When the chips are down

Vinegar has long been recognised as an effective cleaning tool for windows and, this versatile product can help with carpet stains too.  Start by dabbing at the stain with a damp cloth to see if the stain begins to shift.  If not, add a tablespoon of distilled white vinegar to two cups of water – pour a little of the solution onto the stain and leave for around 10 minutes.  Dab the stain with a cloth or sponge soaked with cool water and repeat the process as necessary.  Once the stain has been removed, blot the carpet or rug dry with a clean microfibre cloth. 

Dishing the dirt

If the above method hasn’t worked for you – or you’re worried about the smell of vinegar lingering on your carpet, why not try the following:  Prepare a solution of two cups of warm water and one tablespoon of dishwashing detergent and apply this, bit by bit. The stained area of your carpet.  Immediately afterwards, begin dabbing at the stain with a cloth or sponge soaked in cold water.  Once the stain has been removed, rinse the area thoroughly and pat dry with a clean microfibre cloth.

The great carpet bake off

If you have a tub of baking soda hanging around in your kitchen, this can be really useful in removing tea stains from your carpet.  Coat the affected area with a light sprinkling of the powder and then leave for two or three hours.  Vacuum the area thoroughly and then dab with a damp cloth or sponge to remove any lingering bits of the powder. 

Building up steam

If the tea stain is particularly stubborn, you might want to think about investing in a hand-held carpet steam cleaner.  These clever little gadgets can be really effective at removing tea stains from carpet and rug fibres and are safe to use on most carpets – however, you might want to run a sample test first, just to be on the safe side.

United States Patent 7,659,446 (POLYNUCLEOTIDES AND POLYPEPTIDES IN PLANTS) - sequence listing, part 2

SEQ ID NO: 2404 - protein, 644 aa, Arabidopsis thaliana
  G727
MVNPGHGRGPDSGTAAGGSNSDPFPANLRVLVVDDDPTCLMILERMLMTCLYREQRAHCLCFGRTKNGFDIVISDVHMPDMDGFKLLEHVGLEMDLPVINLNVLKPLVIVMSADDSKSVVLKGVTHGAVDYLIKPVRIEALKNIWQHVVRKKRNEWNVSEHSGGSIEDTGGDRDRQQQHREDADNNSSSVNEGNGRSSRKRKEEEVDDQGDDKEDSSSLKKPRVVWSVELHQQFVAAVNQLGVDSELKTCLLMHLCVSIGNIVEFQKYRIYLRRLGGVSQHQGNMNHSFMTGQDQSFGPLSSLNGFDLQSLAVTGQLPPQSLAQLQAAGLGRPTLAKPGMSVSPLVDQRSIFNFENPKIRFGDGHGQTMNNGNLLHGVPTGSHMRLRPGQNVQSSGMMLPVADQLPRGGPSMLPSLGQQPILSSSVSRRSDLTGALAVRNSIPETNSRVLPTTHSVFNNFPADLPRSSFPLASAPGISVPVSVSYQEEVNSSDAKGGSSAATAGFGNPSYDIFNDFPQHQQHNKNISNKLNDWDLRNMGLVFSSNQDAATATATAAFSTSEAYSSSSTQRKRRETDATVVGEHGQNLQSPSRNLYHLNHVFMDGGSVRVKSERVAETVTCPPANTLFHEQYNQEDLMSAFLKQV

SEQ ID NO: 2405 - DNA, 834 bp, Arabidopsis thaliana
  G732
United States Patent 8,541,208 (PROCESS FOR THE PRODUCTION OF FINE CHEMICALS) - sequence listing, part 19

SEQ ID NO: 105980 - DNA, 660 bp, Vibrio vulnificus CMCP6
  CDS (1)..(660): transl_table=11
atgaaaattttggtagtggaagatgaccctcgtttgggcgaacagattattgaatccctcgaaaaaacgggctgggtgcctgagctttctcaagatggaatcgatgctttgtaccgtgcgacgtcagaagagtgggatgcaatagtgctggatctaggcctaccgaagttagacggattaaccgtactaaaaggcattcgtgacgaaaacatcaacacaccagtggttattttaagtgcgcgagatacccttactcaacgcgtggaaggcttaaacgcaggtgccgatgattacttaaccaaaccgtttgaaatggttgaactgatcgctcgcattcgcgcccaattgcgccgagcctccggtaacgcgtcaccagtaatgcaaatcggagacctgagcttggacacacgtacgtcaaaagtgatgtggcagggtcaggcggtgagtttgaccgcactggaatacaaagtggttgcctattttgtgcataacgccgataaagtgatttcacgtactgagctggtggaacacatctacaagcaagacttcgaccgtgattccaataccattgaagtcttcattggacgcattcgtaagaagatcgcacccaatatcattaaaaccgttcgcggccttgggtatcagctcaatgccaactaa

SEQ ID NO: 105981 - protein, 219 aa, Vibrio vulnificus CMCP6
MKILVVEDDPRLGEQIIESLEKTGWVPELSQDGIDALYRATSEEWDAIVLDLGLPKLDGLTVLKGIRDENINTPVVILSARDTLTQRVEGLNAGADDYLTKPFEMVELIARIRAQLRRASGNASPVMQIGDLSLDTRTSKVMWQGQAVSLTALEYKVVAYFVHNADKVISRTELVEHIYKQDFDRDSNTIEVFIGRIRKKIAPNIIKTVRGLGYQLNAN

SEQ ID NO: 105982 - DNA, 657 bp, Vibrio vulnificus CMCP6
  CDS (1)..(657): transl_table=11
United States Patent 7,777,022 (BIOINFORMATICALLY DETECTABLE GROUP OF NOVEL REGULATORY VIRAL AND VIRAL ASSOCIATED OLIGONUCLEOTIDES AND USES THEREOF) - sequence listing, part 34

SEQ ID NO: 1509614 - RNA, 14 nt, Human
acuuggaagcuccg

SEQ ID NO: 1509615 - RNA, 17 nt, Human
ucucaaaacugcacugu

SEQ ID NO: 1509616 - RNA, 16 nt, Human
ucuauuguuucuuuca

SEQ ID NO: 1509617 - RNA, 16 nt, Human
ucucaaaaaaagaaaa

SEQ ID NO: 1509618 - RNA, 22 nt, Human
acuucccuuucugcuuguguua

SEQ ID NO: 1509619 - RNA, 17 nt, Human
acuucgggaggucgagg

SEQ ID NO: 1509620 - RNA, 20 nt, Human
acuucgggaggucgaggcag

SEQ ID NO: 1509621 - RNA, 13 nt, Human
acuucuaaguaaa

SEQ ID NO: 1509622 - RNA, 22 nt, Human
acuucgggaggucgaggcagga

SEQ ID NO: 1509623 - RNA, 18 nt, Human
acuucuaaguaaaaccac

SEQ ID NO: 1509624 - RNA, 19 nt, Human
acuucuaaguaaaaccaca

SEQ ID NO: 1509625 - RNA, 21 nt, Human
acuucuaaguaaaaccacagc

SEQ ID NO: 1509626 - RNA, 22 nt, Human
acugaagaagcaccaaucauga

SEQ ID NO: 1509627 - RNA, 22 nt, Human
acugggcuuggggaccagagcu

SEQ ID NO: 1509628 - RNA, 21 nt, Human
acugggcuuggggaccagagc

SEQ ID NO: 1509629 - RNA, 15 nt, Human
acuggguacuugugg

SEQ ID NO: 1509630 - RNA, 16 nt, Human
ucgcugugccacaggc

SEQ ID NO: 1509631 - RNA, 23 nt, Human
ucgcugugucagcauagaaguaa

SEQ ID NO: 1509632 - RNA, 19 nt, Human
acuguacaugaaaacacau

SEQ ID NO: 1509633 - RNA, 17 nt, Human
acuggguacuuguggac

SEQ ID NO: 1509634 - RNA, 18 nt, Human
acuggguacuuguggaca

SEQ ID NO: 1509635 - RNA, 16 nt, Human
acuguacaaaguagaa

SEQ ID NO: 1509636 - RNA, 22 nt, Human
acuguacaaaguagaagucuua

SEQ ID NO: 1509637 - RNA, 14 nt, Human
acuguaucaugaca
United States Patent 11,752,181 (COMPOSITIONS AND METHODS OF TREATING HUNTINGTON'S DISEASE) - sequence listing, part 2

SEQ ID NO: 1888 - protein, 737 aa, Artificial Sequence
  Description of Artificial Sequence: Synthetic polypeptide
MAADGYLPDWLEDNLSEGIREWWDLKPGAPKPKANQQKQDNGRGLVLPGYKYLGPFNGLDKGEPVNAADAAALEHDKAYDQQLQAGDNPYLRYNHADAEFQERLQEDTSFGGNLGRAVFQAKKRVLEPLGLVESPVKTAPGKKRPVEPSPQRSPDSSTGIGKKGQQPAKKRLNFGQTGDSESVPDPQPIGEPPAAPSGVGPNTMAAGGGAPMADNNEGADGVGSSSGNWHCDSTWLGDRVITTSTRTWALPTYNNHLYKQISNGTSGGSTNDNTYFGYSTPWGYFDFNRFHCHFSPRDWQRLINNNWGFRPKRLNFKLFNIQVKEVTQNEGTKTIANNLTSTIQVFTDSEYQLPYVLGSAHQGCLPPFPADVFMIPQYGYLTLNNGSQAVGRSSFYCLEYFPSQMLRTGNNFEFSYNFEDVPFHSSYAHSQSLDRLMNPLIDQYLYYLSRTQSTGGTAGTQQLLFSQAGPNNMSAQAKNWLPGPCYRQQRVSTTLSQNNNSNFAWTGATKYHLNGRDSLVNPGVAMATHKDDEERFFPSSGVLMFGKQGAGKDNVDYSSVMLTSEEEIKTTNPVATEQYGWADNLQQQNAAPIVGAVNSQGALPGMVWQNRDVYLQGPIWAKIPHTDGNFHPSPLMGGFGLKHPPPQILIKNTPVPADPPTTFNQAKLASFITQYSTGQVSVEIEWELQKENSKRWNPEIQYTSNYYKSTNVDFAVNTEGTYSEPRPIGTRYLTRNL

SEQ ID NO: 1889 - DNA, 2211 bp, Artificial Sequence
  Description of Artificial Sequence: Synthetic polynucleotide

All of these methods can be really effective in removing stains without the expense of having to hire a professional carpet cleaner.  Always run a small patch test first and, always avoid using any products which contain bleach as these can damage your carpet.

Prevention is the best cure

If your family or guests are prone to spilling, you might want to invest in a preventative measure such as carpet film which can be laid on top of your carpet or, a spray carpet protector.  Both of these will help to repel stains and keep your carpets looking and smelling fresh.


While our carpets make up an integral part of our decor, they also serve a practical purpose and are, by their very nature, walked on, spilled on and more.  Spills like tea are not always avoidable so, if you’re unable to put preventative measures in place, it’s a good idea to keep some of the above ingredients handy so that you can act fast when tea spills occur – and stop trouble brewing for your carpets. 

How to clean dirt out of your carpet

How To Remove Carpet Bugs and Beatles From Your Carpet

Our carpets are an integral part of our homes and are often chosen to add style and luxurious warmth to a room.  While we love our carpets, so too do some uninvited guests – carpet bugs.  

Carpet creepy crawlies

Carpet bugs, also known as carpet beetles, are an inch long nuisance – but it’s their offspring that causes the biggest problems.  Carpet beetle larvae quite literally chows down on carpet and other natural fibres, causing havoc to your much loved – and expensive flooring. These bugs are either light brown or black and are covered in fine hairs.  They can also fly – and you may have seen them hovering around light fittings and windows as they’re partial to light.   In this article, we’ll take you through the ways that you can identify the signs that carpet beetles have moved in and – more importantly – how to get rid of the little blighters!